Peacham Community Solar. Credit: YouTube

Community Solar Benefits Renters & Low Income Communities

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June study by researchers from the Lawrence Berkeley National Laboratory and the National Renewable Energy Laboratory that analyzed data from 11 states found people who adopt community solar are 6.1 times more likely to live in multifamily buildings, are 4.4 times more likely to rent, and earn 23% less annual income than rooftop solar adopters, who tend to be more wealthy.

In the introduction to study the authors write, “Rooftop and community based solar are alternative product classes for residential solar in the United States. Community based solar, where multiple households buy solar from shared systems, could make solar more accessible by reducing initial costs and removing adoption barriers for renters and multifamily building occupants… These differences are driven, roughly evenly, by inherent differences between the two solar products and by policies to promote low income community solar adoption. The results suggest that alternative solar products can expand solar access and that policy could augment such benefits.”

The study brought together demographic data, both measured and modeled, from more than 100,000 rooftop solar owners and 75,000 community-based solar adopters. Notably, California wasn’t included, as it lacks a robust market for community-based solar and regulators seem determined to keep it that way, Canary Media says. Despite the omission of California, the analysis covers ​most of the key community solar markets, which together provide about 4.2 gigawatts of electricity — about half of the national total.

Getting The Word Out

Despite finding that solar from community-based assets boosts access to clean energy, the researchers found it does not increase solar access among minorities. Asians, Asian Americans, Blacks, and Latinos aren’t any more likely to adopt community solar than rooftop solar — at least not yet. The reasons are still foggy, but minority households may be more skeptical of how community solar is advertised, Eric O’Shaughnessy, lead author of the study, said. Imagine a community solar project representative shows up at someone’s door with a clipboard and says they can get free solar without installing anything. All they have to do is sign up and start saving money immediately. ​“A lot of people are really suspicious of that. It can sound too good to be true,” he said.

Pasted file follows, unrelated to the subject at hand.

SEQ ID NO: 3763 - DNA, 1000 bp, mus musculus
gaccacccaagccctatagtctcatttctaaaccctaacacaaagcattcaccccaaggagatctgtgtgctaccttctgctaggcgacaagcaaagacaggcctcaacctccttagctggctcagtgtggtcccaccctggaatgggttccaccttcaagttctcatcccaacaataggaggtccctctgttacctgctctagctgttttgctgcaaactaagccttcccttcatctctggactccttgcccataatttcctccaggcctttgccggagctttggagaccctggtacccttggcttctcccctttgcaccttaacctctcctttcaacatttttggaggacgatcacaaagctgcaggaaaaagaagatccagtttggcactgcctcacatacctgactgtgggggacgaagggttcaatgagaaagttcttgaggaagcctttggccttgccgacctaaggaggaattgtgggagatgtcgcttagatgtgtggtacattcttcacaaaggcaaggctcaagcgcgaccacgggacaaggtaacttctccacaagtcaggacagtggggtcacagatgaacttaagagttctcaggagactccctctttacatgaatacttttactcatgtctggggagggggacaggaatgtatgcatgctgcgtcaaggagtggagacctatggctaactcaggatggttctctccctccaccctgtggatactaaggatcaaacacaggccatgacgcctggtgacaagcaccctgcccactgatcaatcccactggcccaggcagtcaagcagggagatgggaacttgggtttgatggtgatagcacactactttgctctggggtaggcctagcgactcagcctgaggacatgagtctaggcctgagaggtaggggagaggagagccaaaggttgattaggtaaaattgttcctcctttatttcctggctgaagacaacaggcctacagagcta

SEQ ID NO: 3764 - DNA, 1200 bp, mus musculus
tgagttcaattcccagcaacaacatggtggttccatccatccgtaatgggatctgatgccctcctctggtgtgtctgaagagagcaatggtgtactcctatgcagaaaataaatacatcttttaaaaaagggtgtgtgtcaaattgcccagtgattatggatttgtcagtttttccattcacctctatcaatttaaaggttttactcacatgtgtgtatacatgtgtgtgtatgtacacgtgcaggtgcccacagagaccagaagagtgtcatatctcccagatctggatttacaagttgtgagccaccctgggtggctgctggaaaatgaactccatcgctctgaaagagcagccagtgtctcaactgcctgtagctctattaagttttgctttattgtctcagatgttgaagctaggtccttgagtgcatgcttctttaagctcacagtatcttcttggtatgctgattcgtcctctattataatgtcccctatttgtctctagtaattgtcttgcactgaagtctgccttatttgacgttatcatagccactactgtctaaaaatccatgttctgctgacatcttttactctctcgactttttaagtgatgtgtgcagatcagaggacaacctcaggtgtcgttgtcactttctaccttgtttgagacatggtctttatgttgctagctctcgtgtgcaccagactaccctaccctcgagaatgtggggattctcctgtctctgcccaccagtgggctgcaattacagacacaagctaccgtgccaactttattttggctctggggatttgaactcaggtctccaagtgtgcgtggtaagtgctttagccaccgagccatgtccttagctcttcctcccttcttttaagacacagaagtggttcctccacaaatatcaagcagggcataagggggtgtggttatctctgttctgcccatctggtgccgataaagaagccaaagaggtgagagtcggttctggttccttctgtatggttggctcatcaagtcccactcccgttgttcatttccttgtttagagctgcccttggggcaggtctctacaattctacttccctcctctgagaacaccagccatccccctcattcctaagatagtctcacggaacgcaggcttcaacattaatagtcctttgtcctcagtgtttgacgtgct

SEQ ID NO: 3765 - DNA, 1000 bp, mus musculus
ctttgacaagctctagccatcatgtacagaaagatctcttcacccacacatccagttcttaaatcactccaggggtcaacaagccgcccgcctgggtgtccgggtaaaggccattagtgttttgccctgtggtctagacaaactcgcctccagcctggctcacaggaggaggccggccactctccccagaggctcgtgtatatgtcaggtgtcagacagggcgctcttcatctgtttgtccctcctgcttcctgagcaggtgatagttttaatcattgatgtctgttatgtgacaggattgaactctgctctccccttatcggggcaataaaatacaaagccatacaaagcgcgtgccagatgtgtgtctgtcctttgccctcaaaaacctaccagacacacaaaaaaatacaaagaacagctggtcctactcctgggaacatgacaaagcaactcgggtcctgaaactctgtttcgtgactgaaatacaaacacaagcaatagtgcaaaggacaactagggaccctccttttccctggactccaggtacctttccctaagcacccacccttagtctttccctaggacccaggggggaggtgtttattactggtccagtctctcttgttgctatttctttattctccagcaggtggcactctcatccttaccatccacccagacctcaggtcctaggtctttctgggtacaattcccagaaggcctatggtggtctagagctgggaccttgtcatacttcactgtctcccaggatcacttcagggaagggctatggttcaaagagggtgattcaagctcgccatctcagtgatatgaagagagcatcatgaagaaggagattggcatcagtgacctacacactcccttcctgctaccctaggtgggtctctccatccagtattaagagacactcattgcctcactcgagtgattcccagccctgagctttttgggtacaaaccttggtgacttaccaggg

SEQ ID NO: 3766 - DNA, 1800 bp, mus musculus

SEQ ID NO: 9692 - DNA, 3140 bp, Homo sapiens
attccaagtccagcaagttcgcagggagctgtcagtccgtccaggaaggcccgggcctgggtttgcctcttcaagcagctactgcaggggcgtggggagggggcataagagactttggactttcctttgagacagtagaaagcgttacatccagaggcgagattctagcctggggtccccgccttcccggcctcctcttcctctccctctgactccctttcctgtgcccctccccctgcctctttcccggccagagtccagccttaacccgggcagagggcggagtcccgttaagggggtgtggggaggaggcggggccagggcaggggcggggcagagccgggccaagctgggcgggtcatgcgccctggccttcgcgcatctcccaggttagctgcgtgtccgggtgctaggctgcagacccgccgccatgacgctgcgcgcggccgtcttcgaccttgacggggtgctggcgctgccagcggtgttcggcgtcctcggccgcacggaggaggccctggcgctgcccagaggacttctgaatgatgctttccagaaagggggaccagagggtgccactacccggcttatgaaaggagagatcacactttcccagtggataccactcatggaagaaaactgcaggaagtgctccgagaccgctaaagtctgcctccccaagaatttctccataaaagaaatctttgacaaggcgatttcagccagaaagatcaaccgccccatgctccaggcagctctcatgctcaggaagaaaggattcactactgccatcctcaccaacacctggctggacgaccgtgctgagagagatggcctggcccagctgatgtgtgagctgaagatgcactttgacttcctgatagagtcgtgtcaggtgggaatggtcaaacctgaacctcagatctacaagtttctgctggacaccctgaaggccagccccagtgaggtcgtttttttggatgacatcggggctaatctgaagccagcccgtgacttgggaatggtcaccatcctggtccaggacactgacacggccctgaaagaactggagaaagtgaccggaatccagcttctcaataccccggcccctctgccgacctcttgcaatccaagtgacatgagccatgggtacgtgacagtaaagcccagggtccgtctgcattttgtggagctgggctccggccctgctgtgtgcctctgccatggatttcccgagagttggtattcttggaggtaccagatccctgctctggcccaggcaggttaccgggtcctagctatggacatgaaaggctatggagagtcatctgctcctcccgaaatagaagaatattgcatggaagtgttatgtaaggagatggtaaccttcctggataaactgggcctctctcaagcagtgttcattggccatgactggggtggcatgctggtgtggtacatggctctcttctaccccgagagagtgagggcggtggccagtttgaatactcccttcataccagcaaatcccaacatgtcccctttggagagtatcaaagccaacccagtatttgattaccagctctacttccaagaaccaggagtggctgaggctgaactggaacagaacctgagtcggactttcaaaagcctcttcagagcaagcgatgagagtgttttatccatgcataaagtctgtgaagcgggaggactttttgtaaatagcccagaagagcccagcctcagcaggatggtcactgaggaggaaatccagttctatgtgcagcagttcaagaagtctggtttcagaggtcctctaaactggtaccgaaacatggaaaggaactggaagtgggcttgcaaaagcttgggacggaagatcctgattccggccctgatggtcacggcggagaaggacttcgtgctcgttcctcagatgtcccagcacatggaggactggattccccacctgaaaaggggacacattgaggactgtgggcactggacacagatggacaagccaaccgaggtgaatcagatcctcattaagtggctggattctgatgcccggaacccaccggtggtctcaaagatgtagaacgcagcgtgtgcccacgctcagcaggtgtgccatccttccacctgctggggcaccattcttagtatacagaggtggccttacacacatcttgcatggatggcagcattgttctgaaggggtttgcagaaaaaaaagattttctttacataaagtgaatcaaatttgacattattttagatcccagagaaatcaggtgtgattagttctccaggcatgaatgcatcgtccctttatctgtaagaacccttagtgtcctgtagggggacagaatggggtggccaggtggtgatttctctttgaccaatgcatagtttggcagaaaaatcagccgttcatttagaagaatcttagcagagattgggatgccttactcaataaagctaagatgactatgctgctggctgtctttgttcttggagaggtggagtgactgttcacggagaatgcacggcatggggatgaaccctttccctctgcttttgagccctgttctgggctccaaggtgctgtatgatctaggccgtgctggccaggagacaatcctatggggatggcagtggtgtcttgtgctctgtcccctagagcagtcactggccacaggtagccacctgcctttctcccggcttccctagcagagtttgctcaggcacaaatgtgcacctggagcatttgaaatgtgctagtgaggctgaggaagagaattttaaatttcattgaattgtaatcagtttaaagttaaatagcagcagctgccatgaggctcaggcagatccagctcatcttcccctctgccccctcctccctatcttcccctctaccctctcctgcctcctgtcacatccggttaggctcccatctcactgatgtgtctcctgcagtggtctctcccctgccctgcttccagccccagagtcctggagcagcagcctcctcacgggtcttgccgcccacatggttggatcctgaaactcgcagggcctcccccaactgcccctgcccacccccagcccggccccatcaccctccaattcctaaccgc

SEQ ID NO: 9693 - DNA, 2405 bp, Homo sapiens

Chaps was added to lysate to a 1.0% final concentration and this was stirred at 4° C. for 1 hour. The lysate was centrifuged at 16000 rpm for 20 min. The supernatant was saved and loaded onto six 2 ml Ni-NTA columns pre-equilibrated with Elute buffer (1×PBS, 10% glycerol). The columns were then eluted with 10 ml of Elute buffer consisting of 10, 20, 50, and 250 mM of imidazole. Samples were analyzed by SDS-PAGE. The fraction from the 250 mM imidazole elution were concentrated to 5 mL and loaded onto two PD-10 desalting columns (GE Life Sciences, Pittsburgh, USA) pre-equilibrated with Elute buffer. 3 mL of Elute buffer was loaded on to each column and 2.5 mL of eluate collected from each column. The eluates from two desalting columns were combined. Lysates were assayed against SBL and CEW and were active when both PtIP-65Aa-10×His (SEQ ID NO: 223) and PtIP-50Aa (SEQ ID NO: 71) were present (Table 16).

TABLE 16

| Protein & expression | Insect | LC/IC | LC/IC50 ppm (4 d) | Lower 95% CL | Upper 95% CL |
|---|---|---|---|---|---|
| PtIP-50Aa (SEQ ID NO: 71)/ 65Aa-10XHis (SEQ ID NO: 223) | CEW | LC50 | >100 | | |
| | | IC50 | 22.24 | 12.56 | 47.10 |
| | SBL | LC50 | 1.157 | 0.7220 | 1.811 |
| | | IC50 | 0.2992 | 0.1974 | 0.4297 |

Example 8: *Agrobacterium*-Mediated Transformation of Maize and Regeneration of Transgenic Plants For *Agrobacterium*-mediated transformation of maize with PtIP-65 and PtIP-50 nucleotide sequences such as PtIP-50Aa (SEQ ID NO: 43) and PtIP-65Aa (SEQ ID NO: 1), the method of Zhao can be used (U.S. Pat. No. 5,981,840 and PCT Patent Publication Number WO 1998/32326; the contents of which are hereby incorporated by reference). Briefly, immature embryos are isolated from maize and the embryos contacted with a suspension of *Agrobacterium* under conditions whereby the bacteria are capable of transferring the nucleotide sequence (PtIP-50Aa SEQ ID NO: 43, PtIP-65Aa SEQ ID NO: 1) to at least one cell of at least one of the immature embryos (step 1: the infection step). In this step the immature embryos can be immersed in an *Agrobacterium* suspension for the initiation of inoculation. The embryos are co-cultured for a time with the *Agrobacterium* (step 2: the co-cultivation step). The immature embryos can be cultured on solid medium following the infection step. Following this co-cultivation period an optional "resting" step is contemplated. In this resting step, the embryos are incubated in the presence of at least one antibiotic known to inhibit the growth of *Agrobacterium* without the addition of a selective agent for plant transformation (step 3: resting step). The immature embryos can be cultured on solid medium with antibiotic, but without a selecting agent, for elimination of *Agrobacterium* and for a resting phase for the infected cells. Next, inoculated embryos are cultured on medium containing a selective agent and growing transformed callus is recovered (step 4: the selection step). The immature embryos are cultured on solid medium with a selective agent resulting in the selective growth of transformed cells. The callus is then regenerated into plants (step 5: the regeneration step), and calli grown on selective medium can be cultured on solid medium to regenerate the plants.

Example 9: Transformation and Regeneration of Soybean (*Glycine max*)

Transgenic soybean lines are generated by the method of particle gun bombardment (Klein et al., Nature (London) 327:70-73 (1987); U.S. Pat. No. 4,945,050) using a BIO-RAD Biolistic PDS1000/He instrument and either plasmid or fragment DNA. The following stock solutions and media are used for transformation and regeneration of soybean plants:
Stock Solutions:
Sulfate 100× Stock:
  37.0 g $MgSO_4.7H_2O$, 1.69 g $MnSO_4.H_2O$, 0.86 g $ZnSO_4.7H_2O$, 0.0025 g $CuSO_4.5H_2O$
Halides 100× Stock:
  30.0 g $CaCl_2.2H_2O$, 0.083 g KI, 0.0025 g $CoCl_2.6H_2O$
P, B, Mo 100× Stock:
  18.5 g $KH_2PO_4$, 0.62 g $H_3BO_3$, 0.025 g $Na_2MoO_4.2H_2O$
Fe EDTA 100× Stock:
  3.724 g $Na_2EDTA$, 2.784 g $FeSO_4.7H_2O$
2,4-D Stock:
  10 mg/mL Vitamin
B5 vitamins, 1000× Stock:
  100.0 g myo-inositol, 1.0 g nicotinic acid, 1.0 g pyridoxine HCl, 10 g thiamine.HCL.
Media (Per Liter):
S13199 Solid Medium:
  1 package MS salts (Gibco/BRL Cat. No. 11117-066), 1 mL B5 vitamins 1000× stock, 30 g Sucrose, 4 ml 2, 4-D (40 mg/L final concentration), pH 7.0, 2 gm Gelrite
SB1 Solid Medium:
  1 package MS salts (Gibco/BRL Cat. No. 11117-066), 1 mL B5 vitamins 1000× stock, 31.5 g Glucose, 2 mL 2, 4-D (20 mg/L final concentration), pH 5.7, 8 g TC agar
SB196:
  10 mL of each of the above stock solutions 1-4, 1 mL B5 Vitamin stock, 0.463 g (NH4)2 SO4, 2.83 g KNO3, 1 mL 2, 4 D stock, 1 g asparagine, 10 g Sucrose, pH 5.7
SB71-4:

That is perfectly understandable. If someone knocked on the portcullis at the entrance to CleanTechnica global headquarters and made such claims, Zachary would likely send them packing. A trained sales professional would do things quite differently by educating the potential customer before asking for a commitment. Scammers tend to target low income communities, which has made the people who live in those communities highly skeptical of sales pitches of any kind. Among other things, potential subscribers in low income communities are likely dealing with numerous demands on their time and attention, and they may be skeptical of energy-related proposals, especially given the problem with predatory marketers offering alternative retail electric service.

Stephanie Speirs is the head of Solstice, a company that connects residents to community solar and advocates for clean energy access in underserved communities. “Community organizing is an under-appreciated skill in the energy industry, but it is a skill that requires experience to do constructively and respectfully,” Speirs tells Canary Media. ​“When you work with under-resourced communities, trust is your most valuable currency. At Solstice, we understand that we aren’t entitled to that trust. We have to earn it, and we can only move at the speed of trust.” To seek subscribers, Solstice works with partners and ​“ambassadors” in communities, including business, government, and nonprofit entities. “We don’t parachute into communities. When people hear about community solar through a stranger, it can seem too good to be true. Our partners help us spread the word that community solar is a credible product that provides customers with guaranteed savings on their electric bills with no upfront cost, while also reducing emissions.”